How do critical access hospitals stack up asymptomatic bacteriuria management?

Reviewed by Jen Cihlar, Vanderbilt University Medical Center

The authors of this study have described antibiotic prescribing patterns of a cohort of 17 critical access hospitals (CAH), small rural hospitals with <25 beds. The hospitals received education on UTIs and asymptomatic bacteriuria (ASB) through a tele-antimicrobial stewardship program and found they had a relatively lower prevalence of ASB at 35% (compared to previous reports of 45%–71%), though about 76% of those still received inappropriate antibiotics. They noted a higher proportion being from emergency room, patients who older age, male, had urological comorbidities or an acute mental status change. This rate of inappropriate antibiotic prescribing for ASB is not dissimilar from studies from larger, tertiary care hospitals (Spivak et al, 2017). It is important to further evaluate similarities and differences between different hospital settings to best target antimicrobial stewardship efforts.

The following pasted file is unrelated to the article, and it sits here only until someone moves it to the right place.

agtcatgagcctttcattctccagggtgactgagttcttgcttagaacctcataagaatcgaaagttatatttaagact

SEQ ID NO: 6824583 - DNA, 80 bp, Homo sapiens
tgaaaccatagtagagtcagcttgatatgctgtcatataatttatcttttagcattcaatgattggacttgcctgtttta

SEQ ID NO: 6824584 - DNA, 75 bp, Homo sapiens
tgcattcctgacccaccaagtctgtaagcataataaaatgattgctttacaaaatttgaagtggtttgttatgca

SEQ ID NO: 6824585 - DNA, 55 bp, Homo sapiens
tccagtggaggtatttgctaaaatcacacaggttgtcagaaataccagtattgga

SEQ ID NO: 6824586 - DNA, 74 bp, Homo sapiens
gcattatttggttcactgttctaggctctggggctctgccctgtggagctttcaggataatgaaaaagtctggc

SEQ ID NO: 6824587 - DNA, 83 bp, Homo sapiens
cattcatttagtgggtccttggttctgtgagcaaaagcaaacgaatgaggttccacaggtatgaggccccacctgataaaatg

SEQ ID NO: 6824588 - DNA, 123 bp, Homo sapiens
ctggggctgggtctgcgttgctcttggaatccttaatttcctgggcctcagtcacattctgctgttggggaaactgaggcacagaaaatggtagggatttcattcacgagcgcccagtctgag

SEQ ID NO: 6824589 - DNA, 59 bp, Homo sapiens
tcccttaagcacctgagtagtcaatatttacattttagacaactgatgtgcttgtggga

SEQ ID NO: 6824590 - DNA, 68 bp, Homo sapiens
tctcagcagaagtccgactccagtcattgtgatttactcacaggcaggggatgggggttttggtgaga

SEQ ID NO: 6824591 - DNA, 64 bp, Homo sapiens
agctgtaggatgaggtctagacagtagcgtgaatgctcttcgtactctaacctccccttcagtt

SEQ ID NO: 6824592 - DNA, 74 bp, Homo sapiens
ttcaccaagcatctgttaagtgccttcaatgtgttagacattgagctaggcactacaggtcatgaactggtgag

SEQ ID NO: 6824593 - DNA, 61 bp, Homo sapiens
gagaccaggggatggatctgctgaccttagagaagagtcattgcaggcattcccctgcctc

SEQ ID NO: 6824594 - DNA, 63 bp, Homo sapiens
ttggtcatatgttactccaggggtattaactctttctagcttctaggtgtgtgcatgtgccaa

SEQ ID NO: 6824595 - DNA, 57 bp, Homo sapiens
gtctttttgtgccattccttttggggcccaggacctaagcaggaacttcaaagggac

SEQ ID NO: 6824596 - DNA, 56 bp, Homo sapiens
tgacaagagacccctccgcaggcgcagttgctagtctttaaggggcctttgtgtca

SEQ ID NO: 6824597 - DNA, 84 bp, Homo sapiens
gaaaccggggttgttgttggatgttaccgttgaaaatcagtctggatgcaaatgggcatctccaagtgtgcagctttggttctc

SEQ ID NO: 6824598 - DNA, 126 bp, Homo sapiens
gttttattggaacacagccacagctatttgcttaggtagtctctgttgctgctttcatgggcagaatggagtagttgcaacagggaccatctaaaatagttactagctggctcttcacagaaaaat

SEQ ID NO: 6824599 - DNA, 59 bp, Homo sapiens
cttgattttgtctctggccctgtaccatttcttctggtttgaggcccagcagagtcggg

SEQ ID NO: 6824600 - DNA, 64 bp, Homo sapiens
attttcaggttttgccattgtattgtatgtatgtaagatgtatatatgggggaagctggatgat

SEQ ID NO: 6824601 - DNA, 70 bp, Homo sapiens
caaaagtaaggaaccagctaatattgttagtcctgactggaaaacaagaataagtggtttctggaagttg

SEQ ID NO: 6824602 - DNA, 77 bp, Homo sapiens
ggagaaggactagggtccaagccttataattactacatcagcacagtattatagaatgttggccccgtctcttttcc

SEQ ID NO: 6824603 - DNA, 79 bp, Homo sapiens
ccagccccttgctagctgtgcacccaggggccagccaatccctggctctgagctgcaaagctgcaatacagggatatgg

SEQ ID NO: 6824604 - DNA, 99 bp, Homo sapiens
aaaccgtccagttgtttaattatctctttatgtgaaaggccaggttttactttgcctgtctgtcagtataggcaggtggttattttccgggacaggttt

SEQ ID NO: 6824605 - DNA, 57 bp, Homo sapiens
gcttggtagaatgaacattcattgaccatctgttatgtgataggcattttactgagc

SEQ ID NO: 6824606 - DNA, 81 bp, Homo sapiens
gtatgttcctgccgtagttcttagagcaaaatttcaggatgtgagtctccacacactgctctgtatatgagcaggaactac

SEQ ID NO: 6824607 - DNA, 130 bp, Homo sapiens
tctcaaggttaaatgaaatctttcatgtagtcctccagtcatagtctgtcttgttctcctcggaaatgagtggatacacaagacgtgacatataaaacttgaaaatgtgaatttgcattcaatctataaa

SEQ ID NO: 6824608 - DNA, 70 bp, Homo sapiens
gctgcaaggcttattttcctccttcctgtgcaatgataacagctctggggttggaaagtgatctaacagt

Hartlage W, Bryson-Cahn C, Castillo AY, et al. Asymptomatic bacteriuria in critical-access hospitals: Prevalence and patient characteristics driving treatment. Infection Control & Hospital Epidemiology. 2023:1-4. doi:10.1017/ice.2023.220 Spivak ES, Burk M, Zhang R, et al. Management of Bacteriuria in Veterans Affairs Hospitals. Clin Infect Dis. 2017;65(6):910-917. doi:10.1093/cid/cix474

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